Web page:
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NORTH KOREA - Suspicious Minds, January 2003

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Spy Ships and Infiltrators

North Korean and U.N. command team representatives

Representatives for North Korea and the U.N. command team meet in the demilitarized border zone to negotiate the release of the USS Pueblo's crew. The crew was held hostage by the North Koreans for 11 months. (National Archives and Records Administration; U.S. Navy)
The 15 years following the truce that ended the Korean War were marked by deep tensions. The armistice agreement, signed by North Korea and China on the communist side and South Korea and United Nations forces on the other side, never evolved into a formal peace treaty. The armistice was repeatedly broken, with both sides attempting infiltration and plotting coups.

On January 23, 1968, a United Nations command team called for a meeting in the DMZ with South Korean and North Korean officials. The meeting was intended to diffuse tensions caused by an infiltration attempt on the part of the North Koreans the previous day in Seoul. (Thirty-one agents were believed to be planning an attack on the presidential palace.)

But instead, the U.N. team was diverted to a surprising new crisis on the peninsula. Four North Korean patrol boats had surrounded the 906-ton USS Pueblo off the eastern coast of North Korea. The Pueblo was part of Operation Clickbeetle, the code name for electronic and radio intelligence-gathering by small noncombatant naval ships off the coast of North Korea. The ship had been deployed to the coast of North Korea, where the crew was supposed to gather intelligence without interference. It was supposed to remain in international waters beyond the 12-mile limit claimed by North Korea.

Crewmen of the captured USS Pueblo

Crewmen of the captured USS Pueblo leave a U.S. Army bus at the United Nations Advance Camp, following their release by the North Koreans, December 23, 1968. (National Archives and Records Administration; U.S. Navy)

After several warnings to the spy ship, North Koreans took positions on the fleeing vessel's bow, beam and quarter. As the North Koreans closed in, 83 Americans aboard raced to destroy classified documents and electronic devices. A member of the crew radioed that the Pueblo had come to a stop and her radio was going off air. Under North Korea's order, the ship pulled into the port of Wonsan.

Pentagon officials scrambled to come to grips with what had happened. A U.S. ship hadn't been captured by an enemy state since the Napoleonic wars more than 150 years before.

Ever since the day the ship was captured, U.S. and North Korean officials have differed fiercely over the USS Pueblo's position when it was captured. The United States has maintained that the ship was in international waters; the North Koreans insist that the Americans had illegally entered their territory.

The standoff over the facts didn't help the cause of the Pueblo's 82 surviving crewmembers. They were held in captivity in North Korea for 11 months. (One crewmember was killed when the North Koreans ambushed the ship.) They were finally released when U.S. Army Major General Gilbert Woodward, who represented the United Nations command team as chief negotiator to free the crewmembers, signed a document confessing to espionage.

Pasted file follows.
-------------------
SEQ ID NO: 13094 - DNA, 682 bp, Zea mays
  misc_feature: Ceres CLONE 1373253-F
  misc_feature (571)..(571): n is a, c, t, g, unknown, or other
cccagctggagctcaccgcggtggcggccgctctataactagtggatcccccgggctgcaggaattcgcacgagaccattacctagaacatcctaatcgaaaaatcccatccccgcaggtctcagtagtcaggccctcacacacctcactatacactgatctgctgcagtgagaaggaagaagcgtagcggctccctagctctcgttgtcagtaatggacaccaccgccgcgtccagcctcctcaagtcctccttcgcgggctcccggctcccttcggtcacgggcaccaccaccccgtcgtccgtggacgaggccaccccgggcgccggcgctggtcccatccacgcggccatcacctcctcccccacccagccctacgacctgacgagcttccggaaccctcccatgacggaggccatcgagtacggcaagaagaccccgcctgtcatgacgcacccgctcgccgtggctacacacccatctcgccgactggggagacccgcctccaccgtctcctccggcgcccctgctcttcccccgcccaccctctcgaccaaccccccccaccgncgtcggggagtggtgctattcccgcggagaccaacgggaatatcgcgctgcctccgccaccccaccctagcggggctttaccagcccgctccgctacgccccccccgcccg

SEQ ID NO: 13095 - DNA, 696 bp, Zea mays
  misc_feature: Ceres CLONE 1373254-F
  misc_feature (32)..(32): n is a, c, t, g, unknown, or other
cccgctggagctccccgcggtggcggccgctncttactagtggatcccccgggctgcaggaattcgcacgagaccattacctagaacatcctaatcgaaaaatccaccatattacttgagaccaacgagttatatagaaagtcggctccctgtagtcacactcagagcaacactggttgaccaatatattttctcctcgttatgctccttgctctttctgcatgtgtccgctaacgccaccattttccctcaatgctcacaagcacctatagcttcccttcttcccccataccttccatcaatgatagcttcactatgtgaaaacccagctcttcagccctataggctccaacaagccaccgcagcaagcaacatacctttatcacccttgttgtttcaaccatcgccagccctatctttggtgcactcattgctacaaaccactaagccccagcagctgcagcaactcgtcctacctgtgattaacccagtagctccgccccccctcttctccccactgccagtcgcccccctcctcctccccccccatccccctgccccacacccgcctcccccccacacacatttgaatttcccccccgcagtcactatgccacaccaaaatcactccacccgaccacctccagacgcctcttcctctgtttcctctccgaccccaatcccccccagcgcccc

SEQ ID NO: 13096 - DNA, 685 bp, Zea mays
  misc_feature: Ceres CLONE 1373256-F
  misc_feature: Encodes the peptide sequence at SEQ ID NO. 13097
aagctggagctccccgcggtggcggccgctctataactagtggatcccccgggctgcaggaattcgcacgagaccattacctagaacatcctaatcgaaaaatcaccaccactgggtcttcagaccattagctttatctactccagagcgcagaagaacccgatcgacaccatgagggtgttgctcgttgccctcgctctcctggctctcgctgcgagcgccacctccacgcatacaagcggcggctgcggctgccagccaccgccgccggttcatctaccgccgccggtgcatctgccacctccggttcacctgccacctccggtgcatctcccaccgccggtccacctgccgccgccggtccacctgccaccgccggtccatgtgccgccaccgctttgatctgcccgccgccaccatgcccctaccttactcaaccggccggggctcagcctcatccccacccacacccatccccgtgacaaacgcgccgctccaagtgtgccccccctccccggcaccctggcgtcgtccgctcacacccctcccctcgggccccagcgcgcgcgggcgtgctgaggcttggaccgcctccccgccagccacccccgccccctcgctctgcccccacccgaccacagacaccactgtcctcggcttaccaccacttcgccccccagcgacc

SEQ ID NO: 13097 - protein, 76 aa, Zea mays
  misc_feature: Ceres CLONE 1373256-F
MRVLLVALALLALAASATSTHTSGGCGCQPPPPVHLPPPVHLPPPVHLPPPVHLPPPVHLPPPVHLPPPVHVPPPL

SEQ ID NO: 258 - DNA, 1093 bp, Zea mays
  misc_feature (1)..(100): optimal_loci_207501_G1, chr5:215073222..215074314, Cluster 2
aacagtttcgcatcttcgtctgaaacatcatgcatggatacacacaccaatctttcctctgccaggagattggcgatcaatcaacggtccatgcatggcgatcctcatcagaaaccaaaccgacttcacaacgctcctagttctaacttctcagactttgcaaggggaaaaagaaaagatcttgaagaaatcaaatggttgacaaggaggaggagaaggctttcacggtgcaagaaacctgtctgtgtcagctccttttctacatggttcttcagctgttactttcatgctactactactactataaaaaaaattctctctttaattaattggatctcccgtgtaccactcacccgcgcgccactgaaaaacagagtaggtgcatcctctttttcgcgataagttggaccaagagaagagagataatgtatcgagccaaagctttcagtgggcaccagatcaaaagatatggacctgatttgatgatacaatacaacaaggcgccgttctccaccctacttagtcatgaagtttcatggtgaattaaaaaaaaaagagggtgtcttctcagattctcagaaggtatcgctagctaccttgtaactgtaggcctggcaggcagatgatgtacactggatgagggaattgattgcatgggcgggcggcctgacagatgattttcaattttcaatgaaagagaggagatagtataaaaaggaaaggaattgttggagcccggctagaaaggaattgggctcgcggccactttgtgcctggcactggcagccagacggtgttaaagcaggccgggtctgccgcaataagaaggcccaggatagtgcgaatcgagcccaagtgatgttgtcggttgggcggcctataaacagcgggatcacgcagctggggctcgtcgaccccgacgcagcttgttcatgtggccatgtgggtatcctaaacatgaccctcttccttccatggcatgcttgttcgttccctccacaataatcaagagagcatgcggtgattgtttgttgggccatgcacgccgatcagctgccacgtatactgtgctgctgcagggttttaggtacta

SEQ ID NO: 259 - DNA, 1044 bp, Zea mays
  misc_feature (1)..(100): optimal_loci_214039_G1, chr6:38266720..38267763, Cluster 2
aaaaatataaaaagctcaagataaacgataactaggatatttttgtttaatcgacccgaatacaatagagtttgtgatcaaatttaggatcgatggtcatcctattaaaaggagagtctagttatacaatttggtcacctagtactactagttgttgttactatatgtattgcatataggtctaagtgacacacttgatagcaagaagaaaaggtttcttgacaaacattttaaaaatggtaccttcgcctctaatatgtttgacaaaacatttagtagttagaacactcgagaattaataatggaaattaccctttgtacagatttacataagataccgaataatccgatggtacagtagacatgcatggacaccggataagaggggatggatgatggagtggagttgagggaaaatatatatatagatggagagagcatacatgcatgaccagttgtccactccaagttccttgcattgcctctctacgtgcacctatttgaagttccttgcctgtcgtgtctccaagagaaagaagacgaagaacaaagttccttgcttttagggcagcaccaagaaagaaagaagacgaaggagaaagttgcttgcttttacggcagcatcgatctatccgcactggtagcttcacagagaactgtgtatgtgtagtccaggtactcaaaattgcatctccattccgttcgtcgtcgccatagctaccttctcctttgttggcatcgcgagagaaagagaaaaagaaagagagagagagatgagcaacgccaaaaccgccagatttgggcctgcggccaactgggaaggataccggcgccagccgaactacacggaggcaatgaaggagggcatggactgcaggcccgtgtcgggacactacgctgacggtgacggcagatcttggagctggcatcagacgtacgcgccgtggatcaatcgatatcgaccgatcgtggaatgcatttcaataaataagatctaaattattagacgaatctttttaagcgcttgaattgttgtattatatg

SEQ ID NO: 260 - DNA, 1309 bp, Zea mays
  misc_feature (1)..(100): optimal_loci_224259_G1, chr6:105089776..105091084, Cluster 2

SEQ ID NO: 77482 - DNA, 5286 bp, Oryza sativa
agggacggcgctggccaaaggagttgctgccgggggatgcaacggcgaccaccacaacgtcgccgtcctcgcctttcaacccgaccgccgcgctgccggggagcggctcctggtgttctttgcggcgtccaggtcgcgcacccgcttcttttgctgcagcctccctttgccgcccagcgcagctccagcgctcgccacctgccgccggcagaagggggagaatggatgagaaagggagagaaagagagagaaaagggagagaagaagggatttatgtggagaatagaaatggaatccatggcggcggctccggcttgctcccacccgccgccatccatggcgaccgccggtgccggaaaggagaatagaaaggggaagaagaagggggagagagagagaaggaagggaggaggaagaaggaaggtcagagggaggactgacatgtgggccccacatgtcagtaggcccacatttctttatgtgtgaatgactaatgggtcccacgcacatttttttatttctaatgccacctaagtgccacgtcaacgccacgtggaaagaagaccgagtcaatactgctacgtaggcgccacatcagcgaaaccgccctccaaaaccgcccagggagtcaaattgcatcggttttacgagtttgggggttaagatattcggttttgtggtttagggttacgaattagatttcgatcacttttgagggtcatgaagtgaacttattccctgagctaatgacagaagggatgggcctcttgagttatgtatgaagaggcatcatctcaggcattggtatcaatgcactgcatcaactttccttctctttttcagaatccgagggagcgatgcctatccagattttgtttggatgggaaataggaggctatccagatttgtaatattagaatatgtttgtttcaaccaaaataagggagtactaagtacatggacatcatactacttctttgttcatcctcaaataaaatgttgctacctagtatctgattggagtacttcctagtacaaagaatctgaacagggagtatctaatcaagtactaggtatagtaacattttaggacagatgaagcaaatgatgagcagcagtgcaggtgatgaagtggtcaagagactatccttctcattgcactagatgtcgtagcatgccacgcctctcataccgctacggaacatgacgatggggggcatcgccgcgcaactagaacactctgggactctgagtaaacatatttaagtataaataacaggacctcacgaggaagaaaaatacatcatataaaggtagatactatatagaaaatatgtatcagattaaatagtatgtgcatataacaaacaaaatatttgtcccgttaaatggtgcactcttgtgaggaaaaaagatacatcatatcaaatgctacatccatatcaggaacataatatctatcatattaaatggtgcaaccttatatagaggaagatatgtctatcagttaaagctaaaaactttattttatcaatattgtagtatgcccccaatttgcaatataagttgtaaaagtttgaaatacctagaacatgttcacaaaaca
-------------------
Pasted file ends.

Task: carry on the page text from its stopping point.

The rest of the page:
Families of the USS Pueblo crew await their loved ones’ arrival

Families of the USS Pueblo crew await their loved ones' arrival at Naval Air Station Miramar, California, December 24, 1968. (National Archives and Records Administration; U.S. Navy)

The document Woodward signed said, in part, that "the government of the United States of America ... shoulders full responsibility and solemnly apologizes for the grave acts of espionage committed by the U.S. ship against the Democratic People's Republic of Korea after having intruded into the territorial waters of the Democratic People's Republic of Korea and gives firm assurance that no U.S. ships will intrude again."

But Woodward disavowed the confession even as he delivered it: "The position of the U.S. government with regard to the Pueblo has been that the ship was not engaged in illegal activity ... The document which I am going to sign was prepared by the North Koreans and is at variance with the above position. My signature will not and cannot alter the facts. I will sign the documents to free the crew and only to free the crew."

In Washington, the administration of President Lyndon B. Johnson also quickly repudiated any guilt in the incident. But Johnson never pursued retaliation against North Korea. He was committed to escalating the U.S. response in Vietnam, where more than a half-million American soldiers now served.

Still, after the USS Pueblo debacle, the United States ditched such eavesdropping missions.

2002: Nukes and the "Axis of Evil"
1994: Diplomacy With Pyongyang
1991: End of a Superpower
1976: An Axe Fight Nearly Triggers War
• 1968: Spy Ships and Infiltrators
1948: From Independence to War

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